News Archive

Play Work

Posted on Monday, January 13, 2003

London Play Work Conference launches campaign for statutory funding


Considered debate on all aspects of playwork led to the London Conference on Playwork calling for a national campaign to achieve statutory funding for open access play work. While the Education Act of 1996 requires local authorities to guarantee extra curricula activities for children outside schools, this does not make the statutory provision of play work a requirement. This must be addressed by all those concerned with Play Work.  


The National Children’s Play Council produced policy objectives which all those involved with play fully support. We need a national development strategy for play work and sustainable funding. The New Opportunities Funding does not guarantee or provide these objectives. The right to children’s play, like the Youth Service, must be enshrined in legislation. The right of a child to play is the equivalent to the trade union right to association or to movement and freedom of association. Play is not a leisure service. The freedom of children to develop their own creative potential through play is a fundamental right. 


The Conference hoped that these important principles would be picked up by Frank Dobson MP in his current review of play services. 


As Adrian Voce put it to the Conference “children’s play has been misunderstood and undervalued, and subsumed in a thousands other agendas. It has found its way amids a myriad of other agendas, it should now stand on its own and get full government support. If the government’s objective is to halve child poverty, it should consider different factors which contribute towards child poverty and the lack of play facilities is a crucial element.” Adrian will be addressing CYWU National Conference. 


Conference condemns Lambeth Play Cuts 


Play Work Conference delegates in London condemned the 50% play service cuts proposed in Lambeth.  CYWU officers and London Playwork Branch member will join all those campaigning against the unnecessary cuts in Lambeth. CYWU General Secretary commented: “Lambeth seem to have missed most of the points recently made by the government and local government leaders and the profession about play work. Play work transforms lives and improves education attainment. Every cut is a blow to children’s rights and short sighted. Lambeth appears to be reinventing the eighties when all we did was fight the cuts.”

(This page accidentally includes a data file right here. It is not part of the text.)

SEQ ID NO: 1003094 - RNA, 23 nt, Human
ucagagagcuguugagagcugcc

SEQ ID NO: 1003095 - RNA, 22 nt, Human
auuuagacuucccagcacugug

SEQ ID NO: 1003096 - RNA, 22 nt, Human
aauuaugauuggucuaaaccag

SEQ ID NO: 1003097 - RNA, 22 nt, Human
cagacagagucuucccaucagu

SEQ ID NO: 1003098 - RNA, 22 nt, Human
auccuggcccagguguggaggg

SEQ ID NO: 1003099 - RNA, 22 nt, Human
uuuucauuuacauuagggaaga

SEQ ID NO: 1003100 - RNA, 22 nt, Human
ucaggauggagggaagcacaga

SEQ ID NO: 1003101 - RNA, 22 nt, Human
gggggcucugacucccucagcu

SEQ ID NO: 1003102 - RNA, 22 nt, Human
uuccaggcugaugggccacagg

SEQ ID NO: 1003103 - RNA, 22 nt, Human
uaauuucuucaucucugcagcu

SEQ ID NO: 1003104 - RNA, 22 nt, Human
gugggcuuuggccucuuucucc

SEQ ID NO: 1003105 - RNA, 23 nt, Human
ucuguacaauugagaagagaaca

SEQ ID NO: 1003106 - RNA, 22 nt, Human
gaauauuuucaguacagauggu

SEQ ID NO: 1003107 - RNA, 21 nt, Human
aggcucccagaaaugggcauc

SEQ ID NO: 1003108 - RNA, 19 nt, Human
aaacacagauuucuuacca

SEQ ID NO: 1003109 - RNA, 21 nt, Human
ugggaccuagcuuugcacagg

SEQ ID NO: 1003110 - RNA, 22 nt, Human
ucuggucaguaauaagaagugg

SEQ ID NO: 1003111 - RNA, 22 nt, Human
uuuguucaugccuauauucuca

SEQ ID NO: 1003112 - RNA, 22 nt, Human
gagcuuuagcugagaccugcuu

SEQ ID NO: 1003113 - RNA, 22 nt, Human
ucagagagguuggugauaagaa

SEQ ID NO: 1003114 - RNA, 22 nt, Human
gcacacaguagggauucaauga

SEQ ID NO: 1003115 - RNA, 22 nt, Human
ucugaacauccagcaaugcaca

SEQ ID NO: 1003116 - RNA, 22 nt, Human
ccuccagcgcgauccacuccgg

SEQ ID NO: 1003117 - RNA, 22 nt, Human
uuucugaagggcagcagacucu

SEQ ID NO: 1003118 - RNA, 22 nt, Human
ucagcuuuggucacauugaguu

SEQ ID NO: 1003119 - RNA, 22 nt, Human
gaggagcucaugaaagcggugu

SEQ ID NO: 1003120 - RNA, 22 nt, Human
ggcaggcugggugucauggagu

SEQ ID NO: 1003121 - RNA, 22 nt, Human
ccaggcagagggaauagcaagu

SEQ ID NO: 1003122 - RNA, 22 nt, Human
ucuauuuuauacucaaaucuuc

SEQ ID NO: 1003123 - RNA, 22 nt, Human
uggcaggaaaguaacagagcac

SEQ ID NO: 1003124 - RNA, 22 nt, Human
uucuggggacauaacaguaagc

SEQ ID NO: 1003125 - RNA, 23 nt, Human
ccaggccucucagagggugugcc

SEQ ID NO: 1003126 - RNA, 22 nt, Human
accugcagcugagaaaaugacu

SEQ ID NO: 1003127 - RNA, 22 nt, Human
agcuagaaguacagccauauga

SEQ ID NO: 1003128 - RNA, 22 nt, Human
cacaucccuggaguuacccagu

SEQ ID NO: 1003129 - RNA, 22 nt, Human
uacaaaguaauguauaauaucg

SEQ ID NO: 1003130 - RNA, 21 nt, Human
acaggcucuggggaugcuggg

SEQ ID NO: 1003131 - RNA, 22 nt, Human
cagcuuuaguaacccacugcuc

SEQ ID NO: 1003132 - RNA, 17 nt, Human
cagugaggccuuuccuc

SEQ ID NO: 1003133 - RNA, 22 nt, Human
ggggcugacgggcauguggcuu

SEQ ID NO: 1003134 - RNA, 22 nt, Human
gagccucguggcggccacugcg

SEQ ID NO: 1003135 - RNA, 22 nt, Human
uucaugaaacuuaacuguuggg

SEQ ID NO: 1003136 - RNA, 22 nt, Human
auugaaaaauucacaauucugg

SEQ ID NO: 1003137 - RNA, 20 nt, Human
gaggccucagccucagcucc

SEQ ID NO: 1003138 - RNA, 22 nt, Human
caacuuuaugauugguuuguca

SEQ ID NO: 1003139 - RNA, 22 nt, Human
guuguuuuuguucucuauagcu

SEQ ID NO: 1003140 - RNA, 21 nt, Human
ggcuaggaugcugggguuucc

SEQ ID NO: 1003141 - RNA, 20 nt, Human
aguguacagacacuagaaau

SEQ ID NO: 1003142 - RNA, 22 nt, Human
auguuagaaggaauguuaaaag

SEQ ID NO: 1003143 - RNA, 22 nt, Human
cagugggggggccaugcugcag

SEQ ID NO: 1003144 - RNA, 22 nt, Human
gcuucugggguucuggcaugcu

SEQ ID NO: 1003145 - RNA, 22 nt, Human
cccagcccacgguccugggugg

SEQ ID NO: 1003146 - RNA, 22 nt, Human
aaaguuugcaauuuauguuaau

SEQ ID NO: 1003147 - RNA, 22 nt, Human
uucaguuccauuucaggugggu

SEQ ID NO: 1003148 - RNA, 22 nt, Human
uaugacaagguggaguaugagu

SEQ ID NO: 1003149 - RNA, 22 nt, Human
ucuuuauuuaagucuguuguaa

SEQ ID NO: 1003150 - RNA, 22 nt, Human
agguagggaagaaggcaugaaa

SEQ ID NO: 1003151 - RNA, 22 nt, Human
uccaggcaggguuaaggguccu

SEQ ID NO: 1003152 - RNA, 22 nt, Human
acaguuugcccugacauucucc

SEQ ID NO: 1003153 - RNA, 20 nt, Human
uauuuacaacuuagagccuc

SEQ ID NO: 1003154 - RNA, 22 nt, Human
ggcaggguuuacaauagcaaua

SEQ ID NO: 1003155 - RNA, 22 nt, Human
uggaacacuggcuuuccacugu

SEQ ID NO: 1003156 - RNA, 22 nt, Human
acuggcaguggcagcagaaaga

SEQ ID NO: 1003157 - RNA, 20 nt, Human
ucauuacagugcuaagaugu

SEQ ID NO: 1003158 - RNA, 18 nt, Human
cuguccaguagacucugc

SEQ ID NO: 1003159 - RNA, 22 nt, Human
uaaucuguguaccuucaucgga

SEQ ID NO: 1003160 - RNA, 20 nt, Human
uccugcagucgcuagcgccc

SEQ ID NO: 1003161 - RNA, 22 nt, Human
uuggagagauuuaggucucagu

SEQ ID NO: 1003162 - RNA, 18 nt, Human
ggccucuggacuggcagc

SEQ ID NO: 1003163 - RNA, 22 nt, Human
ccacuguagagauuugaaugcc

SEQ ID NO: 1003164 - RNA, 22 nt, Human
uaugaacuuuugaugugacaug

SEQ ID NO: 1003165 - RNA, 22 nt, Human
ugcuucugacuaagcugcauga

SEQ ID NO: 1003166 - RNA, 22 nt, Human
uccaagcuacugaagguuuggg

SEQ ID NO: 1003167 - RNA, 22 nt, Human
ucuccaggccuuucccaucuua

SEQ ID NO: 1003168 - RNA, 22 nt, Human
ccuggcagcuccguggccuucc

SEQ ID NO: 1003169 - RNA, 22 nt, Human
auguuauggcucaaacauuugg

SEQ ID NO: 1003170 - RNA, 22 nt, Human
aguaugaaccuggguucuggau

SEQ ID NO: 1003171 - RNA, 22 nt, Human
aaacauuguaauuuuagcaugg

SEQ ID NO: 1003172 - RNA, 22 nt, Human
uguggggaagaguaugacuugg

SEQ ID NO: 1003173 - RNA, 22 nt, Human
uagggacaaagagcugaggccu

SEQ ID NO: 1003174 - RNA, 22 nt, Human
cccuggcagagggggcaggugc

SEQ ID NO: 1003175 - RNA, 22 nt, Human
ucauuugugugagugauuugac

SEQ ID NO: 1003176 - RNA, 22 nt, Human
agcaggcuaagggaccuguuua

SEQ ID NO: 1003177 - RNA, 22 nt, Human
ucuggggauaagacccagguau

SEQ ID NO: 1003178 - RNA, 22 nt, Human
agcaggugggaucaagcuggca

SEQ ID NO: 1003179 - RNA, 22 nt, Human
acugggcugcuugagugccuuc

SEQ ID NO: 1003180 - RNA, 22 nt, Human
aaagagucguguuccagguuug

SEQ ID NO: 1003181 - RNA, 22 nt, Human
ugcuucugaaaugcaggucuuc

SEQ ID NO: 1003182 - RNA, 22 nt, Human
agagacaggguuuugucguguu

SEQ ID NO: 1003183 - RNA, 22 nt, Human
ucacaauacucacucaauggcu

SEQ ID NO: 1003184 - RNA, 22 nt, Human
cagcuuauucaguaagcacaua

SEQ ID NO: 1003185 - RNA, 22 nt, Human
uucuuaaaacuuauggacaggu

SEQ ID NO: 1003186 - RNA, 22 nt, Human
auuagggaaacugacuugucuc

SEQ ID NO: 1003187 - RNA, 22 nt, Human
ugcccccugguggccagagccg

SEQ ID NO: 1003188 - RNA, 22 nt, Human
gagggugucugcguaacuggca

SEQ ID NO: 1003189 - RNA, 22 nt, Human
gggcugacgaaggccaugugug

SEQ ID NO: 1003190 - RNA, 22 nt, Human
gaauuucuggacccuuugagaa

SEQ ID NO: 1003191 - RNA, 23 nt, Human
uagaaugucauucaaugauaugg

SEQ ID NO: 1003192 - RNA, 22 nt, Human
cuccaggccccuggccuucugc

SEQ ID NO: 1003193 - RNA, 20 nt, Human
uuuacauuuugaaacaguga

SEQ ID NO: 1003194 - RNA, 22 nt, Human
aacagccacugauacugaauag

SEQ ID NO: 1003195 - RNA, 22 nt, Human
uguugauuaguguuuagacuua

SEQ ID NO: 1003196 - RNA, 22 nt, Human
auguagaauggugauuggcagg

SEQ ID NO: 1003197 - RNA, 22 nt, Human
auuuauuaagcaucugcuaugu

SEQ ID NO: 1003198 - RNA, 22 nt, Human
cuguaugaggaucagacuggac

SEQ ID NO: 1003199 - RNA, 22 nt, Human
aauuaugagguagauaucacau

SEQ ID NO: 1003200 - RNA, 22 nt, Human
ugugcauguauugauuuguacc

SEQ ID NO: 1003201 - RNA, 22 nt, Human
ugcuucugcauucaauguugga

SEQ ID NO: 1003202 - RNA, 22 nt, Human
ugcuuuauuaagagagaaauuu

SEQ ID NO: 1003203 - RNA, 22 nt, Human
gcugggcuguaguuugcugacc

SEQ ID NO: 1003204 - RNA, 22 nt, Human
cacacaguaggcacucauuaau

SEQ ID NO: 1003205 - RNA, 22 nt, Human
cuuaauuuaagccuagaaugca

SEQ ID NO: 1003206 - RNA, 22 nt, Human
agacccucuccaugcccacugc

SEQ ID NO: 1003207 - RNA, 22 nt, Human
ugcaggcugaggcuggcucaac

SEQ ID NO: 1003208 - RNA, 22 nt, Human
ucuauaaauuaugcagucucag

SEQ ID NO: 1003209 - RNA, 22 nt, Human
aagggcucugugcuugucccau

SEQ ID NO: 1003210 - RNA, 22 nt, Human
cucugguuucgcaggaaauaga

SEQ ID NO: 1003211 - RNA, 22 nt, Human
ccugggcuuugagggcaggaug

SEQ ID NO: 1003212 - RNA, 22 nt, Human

Start Playing About


In a lively contribution to the play work conference, Keith Cantrell, lecturer in Play and Youth Studies at Thurrock College, commented on the spaces between the idealism of professions and needs based campaign and the demands of the state. He commented on how the needs of the government of the day is often expressed in a variety of training courses and qualifications and how this is held in creative tension with what the field wants to develop for itself and the protection of its own values. He demonstrated how learning about play is different from doing play work and argued stongly that policy and academic learning would both be strengthened if more field work staff wrote up their practice. CYWU hopes that more play workers will write up their practice and consider publishing this in Rapport and through the Union.


Conference condemns Ofsted lack of clarity


Delegates to the play workers conference condemned the lack of consistency in appreciating the national qualifications framework for play. “it’s either anything goes, or a nationally agreed list of approved qualifications” said one delegate. Ofsted should be ensuring that all play work providers are qualified according to the national framework. But in practice this is not always done.


PYO argues for play work and youth work


The advantages of having a combined play work/you work service were illustrated by Janine Brady, PYO in Islington in a speech which now appears on CYWU’s website. Janine argued for a well resourced and supported professional workforce in each area as the key to provision. JNC pay and conditions for both play workers and youth workers are paid in Islington. Children and young people required further integration and harmonisation and in this regard welcomed the current drafting of a more coherent strategy by the Children’s and Young People’s Unit. “Like play workers” she said, “policy makers are never stuck for an activity if there is junk around, but we have currently so many funding streams and so much potential we can really make a difference.”


Quality Training


An important Conference to consider the future impact of training on play work will be held under the auspices of the Joint National Committee for Training for Play work on Monday March 31st, 2003, 10.00am-4.30pm at the Showroom Cinema, Sheffield, 7 Paternastor Row. Email [email protected] for further details.

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